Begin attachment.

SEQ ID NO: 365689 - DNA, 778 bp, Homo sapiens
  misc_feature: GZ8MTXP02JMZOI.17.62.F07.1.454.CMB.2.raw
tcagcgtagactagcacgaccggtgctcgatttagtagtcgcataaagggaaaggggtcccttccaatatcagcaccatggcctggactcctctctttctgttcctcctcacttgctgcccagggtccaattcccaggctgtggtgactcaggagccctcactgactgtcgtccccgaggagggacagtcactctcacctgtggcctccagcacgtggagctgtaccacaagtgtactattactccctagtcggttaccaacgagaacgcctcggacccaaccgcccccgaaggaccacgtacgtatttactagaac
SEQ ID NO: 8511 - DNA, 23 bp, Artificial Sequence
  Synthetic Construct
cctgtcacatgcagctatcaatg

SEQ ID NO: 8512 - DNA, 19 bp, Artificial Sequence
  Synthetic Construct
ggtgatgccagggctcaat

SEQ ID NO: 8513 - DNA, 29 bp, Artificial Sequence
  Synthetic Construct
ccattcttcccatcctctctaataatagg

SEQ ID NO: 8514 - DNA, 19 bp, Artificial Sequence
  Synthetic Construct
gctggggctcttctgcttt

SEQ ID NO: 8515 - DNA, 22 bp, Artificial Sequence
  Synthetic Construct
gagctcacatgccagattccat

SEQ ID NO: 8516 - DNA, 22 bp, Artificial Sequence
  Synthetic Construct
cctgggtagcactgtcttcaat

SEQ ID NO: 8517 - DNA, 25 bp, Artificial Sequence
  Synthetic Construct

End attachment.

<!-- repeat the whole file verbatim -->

SEQ ID NO: 365689 - DNA, 778 bp, Homo sapiens
  misc_feature: GZ8MTXP02JMZOI.17.62.F07.1.454.CMB.2.raw
tcagcgtagactagcacgaccggtgctcgatttagtagtcgcataaagggaaaggggtcccttccaatatcagcaccatggcctggactcctctctttctgttcctcctcacttgctgcccagggtccaattcccaggctgtggtgactcaggagccctcactgactgtcgtccccgaggagggacagtcactctcacctgtggcctccagcacgtggagctgtaccacaagtgtactattactccctagtcggttaccaacgagaacgcctcggacccaaccgcccccgaaggaccacgtacgtatttactagaac
SEQ ID NO: 8511 - DNA, 23 bp, Artificial Sequence
  Synthetic Construct
cctgtcacatgcagctatcaatg

SEQ ID NO: 8512 - DNA, 19 bp, Artificial Sequence
  Synthetic Construct
ggtgatgccagggctcaat

SEQ ID NO: 8513 - DNA, 29 bp, Artificial Sequence
  Synthetic Construct
ccattcttcccatcctctctaataatagg

SEQ ID NO: 8514 - DNA, 19 bp, Artificial Sequence
  Synthetic Construct
gctggggctcttctgcttt

SEQ ID NO: 8515 - DNA, 22 bp, Artificial Sequence
  Synthetic Construct
gagctcacatgccagattccat

SEQ ID NO: 8516 - DNA, 22 bp, Artificial Sequence
  Synthetic Construct
cctgggtagcactgtcttcaat

SEQ ID NO: 8517 - DNA, 25 bp, Artificial Sequence
  Synthetic Construct